Sustainable travel journeys: The plan aims for 500,000 daily extra walking, cycling and public transport journeys per day by 2030. This will be through projects such as BusConnects and Connecting Ireland, the expansion of rail services, and improved cycling and walking infrastructure.
Building new public transport: Public transport and public fleets will be upgraded to low emission alternatives, with 1,500 electric buses being introduced by 2030.
Alternative fuels: The use of biofuels in transport, such as biodiesel, bioethanol, and biomethane, will be increased. The Government also hopes to explore the use of green hydrogen energy to support decarbonisation.
Electric vehicles: Motorists and companies will be encouraged to make the switch to electric, with the Government providing a range of grants to help with the transition. The Government hopes to increase the number of EVs to around 1 million by 2030.
In 2020, the agri-food sector accounted for almost 7% of modified gross national income and it’s undeniably one of Ireland’s biggest markets. However, the farming sector is also one of the biggest contributors of greenhouse gases, such as methane and nitrous oxide.
There are a variety of targets to be met by the agriculture sector:
Reduced emissions: After much debate, it was recently decided that the agriculture sector will have to cut greenhouse gas emissions by 25% by 2030. This will include an increase in organic farming and reduced chemical nitrogen fertiliser use.
Livestock: There are aims to improve animal feeding and breeding through research and funding. This will result in new food additives being trialled and beef animals produced that are lower emitters of methane.
Land: There will be an increase in organically farmed land almost five-fold to 350,000 hectares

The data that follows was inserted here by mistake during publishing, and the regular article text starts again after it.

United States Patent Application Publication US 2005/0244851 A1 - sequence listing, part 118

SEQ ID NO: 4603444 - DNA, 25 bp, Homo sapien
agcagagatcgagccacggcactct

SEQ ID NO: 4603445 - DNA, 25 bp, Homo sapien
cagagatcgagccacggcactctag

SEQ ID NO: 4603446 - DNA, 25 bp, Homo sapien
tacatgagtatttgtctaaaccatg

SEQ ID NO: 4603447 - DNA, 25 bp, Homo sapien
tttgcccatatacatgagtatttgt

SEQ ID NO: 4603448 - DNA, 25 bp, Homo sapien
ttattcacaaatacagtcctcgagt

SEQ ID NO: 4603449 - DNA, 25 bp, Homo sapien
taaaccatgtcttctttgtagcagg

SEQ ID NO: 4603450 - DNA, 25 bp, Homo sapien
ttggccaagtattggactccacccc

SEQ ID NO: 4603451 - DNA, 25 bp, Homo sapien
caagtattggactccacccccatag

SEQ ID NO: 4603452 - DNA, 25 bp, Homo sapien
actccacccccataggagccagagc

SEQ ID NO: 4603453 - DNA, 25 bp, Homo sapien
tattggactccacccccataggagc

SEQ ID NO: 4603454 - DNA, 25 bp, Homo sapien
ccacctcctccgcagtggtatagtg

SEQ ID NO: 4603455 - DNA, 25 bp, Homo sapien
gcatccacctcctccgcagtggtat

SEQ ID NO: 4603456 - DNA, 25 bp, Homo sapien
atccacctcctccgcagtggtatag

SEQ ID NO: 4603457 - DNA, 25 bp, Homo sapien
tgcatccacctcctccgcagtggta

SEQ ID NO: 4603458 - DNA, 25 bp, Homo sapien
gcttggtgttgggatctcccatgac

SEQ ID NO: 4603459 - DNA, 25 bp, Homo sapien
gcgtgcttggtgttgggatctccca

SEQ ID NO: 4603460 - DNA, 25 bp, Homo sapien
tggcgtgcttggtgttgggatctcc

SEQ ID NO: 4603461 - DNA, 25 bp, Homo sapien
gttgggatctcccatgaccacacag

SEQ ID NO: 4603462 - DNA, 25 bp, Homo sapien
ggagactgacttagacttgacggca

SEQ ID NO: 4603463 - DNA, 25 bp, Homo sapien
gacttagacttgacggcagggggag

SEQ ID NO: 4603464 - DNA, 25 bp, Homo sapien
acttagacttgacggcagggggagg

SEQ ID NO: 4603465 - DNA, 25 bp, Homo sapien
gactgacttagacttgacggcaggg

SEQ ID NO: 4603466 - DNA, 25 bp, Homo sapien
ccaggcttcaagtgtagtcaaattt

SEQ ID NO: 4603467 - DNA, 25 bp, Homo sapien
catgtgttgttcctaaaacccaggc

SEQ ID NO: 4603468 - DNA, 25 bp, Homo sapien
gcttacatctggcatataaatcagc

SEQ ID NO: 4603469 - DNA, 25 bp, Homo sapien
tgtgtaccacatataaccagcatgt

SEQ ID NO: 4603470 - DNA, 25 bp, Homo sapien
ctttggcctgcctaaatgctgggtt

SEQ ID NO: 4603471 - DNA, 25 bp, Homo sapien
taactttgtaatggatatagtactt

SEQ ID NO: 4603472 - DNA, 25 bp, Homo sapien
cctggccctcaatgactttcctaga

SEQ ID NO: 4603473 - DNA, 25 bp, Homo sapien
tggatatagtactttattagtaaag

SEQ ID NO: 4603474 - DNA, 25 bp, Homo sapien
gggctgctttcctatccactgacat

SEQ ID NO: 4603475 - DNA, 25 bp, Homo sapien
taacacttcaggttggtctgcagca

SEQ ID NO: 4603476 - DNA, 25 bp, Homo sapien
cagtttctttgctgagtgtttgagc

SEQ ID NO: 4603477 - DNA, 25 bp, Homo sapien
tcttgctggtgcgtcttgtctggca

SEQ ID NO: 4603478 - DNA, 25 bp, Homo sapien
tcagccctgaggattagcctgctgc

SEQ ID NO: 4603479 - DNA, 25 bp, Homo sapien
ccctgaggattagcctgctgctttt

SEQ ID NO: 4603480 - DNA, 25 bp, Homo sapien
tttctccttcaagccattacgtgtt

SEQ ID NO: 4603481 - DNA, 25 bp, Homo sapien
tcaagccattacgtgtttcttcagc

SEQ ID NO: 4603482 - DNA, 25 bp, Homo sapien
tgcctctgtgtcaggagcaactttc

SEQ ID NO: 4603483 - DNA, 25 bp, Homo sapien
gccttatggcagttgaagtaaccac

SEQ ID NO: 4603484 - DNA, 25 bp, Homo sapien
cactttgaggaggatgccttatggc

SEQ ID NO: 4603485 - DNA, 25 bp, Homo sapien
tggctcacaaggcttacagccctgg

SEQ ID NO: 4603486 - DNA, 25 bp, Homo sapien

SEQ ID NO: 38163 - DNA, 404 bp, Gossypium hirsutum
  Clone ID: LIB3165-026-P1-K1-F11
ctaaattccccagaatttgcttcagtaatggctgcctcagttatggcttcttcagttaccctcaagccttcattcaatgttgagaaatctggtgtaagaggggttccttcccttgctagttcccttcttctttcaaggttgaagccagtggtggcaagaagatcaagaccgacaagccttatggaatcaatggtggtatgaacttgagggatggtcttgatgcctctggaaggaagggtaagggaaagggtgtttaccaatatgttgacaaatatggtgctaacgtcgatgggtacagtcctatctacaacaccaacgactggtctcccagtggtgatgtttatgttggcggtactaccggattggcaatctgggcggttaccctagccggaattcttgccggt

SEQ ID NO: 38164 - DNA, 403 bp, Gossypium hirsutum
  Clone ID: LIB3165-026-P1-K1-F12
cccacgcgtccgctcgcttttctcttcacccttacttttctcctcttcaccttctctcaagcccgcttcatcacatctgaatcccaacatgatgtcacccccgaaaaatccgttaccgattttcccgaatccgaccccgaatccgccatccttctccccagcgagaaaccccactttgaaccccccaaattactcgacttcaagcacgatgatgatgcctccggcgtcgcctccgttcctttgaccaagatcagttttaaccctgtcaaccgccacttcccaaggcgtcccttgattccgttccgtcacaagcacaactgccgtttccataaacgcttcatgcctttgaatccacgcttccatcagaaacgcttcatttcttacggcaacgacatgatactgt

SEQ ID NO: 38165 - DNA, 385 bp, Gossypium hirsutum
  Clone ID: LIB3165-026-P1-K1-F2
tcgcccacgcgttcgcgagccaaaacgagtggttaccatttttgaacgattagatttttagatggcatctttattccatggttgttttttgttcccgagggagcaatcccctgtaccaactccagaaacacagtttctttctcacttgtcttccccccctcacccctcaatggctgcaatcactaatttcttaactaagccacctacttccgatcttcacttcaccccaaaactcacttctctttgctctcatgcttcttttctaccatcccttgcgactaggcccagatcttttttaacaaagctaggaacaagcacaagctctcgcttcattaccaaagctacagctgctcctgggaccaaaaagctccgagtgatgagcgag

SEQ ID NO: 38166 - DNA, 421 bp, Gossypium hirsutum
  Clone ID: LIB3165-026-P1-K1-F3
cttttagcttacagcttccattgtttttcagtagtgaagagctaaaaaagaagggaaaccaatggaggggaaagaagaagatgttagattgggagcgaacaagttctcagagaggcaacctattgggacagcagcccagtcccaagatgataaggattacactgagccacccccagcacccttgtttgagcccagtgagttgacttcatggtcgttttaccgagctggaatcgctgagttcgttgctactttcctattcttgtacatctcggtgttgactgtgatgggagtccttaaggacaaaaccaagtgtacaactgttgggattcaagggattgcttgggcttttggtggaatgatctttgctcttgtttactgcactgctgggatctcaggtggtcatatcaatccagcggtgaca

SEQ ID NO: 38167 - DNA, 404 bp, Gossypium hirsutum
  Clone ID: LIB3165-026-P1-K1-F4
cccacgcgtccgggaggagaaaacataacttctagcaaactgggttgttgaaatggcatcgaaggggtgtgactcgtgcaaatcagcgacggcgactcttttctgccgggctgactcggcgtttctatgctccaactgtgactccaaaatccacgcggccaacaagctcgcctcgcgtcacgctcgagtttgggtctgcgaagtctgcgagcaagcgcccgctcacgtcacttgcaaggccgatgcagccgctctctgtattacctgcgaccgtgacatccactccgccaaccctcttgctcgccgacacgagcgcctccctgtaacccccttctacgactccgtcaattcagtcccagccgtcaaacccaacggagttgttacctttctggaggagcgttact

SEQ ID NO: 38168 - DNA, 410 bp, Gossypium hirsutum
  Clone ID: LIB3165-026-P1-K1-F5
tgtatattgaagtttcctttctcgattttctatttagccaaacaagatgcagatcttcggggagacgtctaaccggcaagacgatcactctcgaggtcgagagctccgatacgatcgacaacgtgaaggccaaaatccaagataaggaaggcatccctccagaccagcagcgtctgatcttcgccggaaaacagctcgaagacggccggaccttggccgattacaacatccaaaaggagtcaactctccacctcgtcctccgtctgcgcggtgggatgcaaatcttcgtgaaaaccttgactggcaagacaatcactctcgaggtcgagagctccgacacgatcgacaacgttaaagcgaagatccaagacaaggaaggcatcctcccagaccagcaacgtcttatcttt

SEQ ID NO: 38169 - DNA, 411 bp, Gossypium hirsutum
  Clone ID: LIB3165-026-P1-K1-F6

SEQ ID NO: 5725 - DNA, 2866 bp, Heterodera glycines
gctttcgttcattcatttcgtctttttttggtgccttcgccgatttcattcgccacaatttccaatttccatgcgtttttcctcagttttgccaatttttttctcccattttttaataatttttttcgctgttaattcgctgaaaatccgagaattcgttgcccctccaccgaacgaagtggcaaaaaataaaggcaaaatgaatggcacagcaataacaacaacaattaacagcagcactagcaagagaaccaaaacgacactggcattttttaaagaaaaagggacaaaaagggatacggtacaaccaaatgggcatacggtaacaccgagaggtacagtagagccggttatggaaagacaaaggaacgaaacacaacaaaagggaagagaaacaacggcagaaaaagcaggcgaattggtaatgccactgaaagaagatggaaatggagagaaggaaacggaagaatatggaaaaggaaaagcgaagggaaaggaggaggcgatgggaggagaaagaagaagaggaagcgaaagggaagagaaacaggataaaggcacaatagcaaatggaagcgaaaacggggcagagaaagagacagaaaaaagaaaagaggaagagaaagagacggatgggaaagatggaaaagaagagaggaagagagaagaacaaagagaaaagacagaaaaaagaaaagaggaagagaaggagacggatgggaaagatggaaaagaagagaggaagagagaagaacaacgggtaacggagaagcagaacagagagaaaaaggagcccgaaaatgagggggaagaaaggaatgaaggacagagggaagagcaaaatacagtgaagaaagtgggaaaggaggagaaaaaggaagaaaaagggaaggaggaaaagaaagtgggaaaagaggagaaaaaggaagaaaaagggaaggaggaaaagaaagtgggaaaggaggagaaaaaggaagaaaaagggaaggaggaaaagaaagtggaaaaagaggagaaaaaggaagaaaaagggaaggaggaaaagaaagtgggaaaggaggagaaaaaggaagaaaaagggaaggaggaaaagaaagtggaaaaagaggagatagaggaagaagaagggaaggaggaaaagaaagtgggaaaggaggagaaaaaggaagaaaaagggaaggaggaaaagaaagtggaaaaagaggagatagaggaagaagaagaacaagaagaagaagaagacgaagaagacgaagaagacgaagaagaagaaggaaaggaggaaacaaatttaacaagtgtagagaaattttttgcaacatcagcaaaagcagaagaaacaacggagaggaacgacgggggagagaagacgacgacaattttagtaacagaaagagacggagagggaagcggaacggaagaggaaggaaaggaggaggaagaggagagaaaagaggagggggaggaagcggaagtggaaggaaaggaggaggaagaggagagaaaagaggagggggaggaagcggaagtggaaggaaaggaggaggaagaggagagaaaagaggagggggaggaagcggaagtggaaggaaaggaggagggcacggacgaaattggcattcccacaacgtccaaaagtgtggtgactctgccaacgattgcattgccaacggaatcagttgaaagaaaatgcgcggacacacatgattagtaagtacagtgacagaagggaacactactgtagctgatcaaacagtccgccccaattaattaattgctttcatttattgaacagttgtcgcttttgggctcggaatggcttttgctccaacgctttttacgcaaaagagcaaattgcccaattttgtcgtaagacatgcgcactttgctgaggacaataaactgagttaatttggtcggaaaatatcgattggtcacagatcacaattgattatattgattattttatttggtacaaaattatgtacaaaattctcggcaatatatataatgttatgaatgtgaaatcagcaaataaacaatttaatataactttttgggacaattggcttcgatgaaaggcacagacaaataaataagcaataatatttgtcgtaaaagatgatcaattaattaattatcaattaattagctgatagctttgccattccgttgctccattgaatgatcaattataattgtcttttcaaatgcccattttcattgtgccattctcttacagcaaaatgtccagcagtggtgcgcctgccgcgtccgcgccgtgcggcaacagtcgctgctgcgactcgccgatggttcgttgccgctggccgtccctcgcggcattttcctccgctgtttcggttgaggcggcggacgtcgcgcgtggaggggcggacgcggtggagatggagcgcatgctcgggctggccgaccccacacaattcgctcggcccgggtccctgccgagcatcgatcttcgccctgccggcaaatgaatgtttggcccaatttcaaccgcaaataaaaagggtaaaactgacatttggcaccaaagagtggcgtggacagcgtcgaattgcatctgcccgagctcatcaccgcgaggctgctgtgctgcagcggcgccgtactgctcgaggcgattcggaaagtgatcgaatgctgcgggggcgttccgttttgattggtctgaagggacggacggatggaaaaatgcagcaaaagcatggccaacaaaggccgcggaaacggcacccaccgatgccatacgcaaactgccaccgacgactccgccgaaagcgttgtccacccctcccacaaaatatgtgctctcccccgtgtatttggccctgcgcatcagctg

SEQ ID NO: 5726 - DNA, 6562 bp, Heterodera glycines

Diversification: Review diversification opportunities for income and land use for farmers.
The Circular Economy Strategy
The Government has also recently released the Circular Economy Strategy, which aims to keep materials, components, and products in use in the economy for as long as possible.
Ireland has a circulatory rate of just 1.6%, lagging far behind the EU average of 11.9%.
The Circular Economy Strategy aims to:
- Reduce food waste by 50% by 2030
- Ensure all plastic packaging is reusable or recyclable by 2030
- Cease coal exploration by ending the issuing of new licences for the exploration and mining of coal, lignite and oil shale
Check out our other environment articles
If you found this article interesting, why not have a read of our other articles on the environment and renewable energy?
- Read all about the future of renewable energy in Ireland here and find out why you should consider installing solar panels here.
- Looking to get rid of old electrical goods? Here are 6 ways to dispose of e-waste safely.
- Discover how feasible hydrogen energy is for Ireland in this guide.
- Learn everything you need to know about the Celtic Connector in this article.
How to reduce your energy usage and save money
If you’re looking to reduce how much energy you consume at home, here are 15 ways to use less electricity and save money in the process, and 10 ways to heat your home for less.
You can also save significantly by switching to a new energy supplier.
At bonkers.ie it’s quick and easy to switch to a more affordable energy deal. With our free comparison and switching tool, you can review the best deals against your current supplier.
Learn the ins and outs of the comparison and switching process in our Quickstart Guide.
Have any questions?
Do you have any questions about Ireland's climate targets? If so, let us know!
epa.ie, gov.ie, nrdc.org, seai.ie, teagasc.ie.